Tasting Sheet Notes – Smell

The second part of the tasting notes is Smell (in wine country, called “the nose”).  I find smell is an interesting sense and I have found times it can trick me!  To solve this, I have purchased a kit from LE NEZ DU VIN.  For more information read my blog article discussing the Sensory Kit.  Since I have bought the kit I do find myself identifying the various aromas a wine has to offer.  It has been quite entertaining and fulfilling.

The Smell section of my tasting notes has three sections.

Aroma Intensity
There are three aroma developments to a wine.  The first is called “Primary Aroma”.  The primary aroma is created by the fruit of the grape.  This would be prior to the grape being harvested while it remains on the vine.  Some of the aromas you may detect are vegetable, spicy, floral and/or fruity notes.

The second called Secondary Aroma is the creation of the grape being harvested, crushed and is now fermenting and “getting happy”.  Some of the aromas may be lychee, melon, apple, pear, walnut, honey depending on the varietal.

The final called Tertiary (TER-SHE-AIRY) Aromas are created when the wine is left to mature in the barrel.  As the wine in the barrel matures the aroma transformation continues to mature.   Some of the aromas you will note are prune, mushroom, truffle, cedar, musk, toast, caramel, coffee and others like these.

The wine aroma intensity is the most intriguing and passion creating moments when you first smell the wine.  How many times have you first smelled that wine in a glass and just hummed.  Many of my friends will relate to locations or special events while smelling the wine.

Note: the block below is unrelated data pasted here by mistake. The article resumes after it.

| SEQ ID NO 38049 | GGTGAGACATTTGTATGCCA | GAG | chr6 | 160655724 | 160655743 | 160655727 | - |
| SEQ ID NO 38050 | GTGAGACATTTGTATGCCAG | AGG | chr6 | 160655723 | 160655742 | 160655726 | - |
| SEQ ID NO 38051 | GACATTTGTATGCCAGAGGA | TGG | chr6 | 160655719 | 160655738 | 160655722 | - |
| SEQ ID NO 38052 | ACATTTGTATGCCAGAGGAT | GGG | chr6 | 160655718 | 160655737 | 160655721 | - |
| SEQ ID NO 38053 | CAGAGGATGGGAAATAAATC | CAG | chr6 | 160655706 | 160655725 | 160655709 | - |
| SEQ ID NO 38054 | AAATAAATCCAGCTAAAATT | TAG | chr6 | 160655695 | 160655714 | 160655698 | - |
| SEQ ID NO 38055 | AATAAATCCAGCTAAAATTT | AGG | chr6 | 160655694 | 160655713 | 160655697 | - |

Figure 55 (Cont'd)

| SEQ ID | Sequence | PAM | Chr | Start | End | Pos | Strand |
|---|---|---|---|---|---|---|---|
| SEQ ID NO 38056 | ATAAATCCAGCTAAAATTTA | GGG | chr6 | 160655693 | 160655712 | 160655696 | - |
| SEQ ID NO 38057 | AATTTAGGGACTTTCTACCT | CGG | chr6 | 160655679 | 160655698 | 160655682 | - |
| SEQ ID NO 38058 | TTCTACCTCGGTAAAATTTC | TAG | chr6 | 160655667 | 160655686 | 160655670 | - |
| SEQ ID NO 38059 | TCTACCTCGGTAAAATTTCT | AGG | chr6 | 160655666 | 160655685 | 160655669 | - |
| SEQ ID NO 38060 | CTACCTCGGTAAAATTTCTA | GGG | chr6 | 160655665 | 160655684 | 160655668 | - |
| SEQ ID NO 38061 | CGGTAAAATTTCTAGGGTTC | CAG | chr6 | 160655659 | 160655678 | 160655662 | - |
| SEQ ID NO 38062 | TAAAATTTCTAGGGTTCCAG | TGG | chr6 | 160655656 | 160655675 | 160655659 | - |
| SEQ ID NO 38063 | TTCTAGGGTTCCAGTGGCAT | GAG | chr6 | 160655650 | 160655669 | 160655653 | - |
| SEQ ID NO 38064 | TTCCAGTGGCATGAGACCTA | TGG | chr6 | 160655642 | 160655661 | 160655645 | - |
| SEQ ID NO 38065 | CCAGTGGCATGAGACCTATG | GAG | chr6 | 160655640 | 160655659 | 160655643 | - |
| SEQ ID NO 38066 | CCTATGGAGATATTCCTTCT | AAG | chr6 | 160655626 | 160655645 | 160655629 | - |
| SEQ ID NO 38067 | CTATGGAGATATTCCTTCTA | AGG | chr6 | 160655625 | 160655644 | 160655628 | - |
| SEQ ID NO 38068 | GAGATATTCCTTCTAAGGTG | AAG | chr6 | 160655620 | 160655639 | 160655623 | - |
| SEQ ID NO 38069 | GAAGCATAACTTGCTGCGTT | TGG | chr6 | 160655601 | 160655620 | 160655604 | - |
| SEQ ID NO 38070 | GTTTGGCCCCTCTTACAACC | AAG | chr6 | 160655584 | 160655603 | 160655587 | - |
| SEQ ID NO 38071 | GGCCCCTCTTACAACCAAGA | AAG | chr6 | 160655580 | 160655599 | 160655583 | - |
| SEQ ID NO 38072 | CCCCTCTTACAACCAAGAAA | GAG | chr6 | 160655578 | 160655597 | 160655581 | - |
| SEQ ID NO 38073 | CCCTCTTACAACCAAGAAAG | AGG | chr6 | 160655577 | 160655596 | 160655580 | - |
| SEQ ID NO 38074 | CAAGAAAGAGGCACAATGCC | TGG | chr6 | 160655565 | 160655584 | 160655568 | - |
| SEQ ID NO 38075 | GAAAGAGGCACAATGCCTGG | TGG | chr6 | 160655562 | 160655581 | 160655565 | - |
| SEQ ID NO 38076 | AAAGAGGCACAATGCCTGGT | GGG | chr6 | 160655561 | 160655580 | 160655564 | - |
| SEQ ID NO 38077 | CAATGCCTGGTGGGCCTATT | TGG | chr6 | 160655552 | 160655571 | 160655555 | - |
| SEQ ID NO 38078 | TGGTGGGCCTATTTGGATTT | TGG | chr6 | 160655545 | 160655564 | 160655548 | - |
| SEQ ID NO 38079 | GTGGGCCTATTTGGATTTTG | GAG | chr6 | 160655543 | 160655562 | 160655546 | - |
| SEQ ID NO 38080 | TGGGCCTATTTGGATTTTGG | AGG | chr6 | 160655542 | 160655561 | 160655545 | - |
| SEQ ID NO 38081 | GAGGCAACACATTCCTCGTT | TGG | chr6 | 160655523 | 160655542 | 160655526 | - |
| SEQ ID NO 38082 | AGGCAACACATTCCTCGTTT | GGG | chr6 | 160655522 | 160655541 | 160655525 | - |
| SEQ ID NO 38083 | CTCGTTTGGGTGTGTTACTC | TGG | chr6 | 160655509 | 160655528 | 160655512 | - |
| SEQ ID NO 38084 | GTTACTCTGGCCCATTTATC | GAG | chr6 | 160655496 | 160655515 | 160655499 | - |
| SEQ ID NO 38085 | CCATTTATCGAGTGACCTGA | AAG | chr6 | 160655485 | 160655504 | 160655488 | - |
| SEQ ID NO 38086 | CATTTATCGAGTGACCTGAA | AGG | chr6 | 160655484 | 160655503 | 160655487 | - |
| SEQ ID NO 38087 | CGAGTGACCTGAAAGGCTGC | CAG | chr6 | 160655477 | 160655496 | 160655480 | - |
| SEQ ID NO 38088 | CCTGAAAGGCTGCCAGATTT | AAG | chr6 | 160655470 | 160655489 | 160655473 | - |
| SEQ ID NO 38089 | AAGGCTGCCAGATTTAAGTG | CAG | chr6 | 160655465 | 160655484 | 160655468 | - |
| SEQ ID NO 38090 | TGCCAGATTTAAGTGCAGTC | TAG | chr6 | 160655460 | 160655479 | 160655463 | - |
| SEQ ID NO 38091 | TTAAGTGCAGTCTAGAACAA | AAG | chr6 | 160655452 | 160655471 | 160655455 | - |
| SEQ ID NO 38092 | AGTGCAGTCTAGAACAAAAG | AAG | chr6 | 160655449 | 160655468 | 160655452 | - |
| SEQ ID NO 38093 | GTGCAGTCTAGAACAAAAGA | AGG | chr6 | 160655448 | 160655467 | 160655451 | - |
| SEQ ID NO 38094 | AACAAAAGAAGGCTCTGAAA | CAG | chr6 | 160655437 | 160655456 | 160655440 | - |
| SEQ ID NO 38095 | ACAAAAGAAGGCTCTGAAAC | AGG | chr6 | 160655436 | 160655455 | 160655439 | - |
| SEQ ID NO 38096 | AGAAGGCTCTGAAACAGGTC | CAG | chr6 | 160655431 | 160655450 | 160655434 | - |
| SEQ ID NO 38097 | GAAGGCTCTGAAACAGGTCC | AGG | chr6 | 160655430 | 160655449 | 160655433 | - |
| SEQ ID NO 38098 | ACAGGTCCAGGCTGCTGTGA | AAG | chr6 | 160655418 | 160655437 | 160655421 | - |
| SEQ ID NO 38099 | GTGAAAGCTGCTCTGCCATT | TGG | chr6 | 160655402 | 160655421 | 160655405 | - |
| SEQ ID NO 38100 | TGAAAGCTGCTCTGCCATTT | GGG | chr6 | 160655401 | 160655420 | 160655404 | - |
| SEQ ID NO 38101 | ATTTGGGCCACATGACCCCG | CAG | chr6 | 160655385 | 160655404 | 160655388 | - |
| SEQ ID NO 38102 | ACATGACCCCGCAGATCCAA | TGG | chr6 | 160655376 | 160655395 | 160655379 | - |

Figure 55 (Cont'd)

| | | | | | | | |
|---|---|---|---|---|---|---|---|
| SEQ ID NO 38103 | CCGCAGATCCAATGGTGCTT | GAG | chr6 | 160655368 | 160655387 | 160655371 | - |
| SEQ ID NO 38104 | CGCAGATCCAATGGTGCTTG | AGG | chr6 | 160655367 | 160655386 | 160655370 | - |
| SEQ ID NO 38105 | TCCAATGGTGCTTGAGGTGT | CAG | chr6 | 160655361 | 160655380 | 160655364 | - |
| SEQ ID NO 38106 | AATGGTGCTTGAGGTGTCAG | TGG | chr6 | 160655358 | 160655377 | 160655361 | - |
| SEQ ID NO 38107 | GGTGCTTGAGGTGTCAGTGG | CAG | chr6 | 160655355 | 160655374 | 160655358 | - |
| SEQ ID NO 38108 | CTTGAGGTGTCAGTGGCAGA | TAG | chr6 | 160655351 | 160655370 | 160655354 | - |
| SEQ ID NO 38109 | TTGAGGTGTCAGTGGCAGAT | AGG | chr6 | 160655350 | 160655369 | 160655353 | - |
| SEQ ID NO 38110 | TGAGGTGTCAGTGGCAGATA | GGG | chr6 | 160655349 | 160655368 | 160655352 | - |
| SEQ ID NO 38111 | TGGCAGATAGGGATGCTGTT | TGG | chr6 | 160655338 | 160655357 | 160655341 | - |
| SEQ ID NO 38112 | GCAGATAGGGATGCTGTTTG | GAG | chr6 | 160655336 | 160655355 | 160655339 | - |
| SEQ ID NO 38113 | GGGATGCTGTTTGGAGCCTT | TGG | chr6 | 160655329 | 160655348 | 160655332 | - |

So as you take your initial smells, do not overwhelm your nose.  Breathe for a few seconds, back off for a few and try again.  You can easily saturate your membranes for which you will not smell anything.  As you smell the wine take note of how its intensity is.  Take your time smelling the wine.  It will develop as it warms up and as it being exposed to oxygen.

I think of the thee categories this might me the toughest or possibly the easiest.  I believe the very first time you smell the wine you will have an idea how you feel about it.  Generally a younger wine will smell “youthful-fruity”.  As the wine matures in the bottle they will exhibit a middle aged or a “flower bouquet” to it.    Older, or aged wines tend to have an “earthy” note.  I personally feel if the wine smells old it probably is and most people will not like it.  If the wine smells like a wet dog or wet cardboard box it could be corked.

There are another aromas you prefer not to smell in your glass. The following link is pretty descriptive.

The Six Aromas You Don’t Want to Smell in Your Wine.


Although this is pretty descriptive, I recommend that you simply write down what you smell.  If you are not sure what you smell, start Google searching your favorite varietal and see what flavors most others smell.  Don’t be afraid if you don’t sense the same things.  You are never “wrong”.  It is just what you think you smell!  Practice, practice, practice…

Twitter: @BillswineWander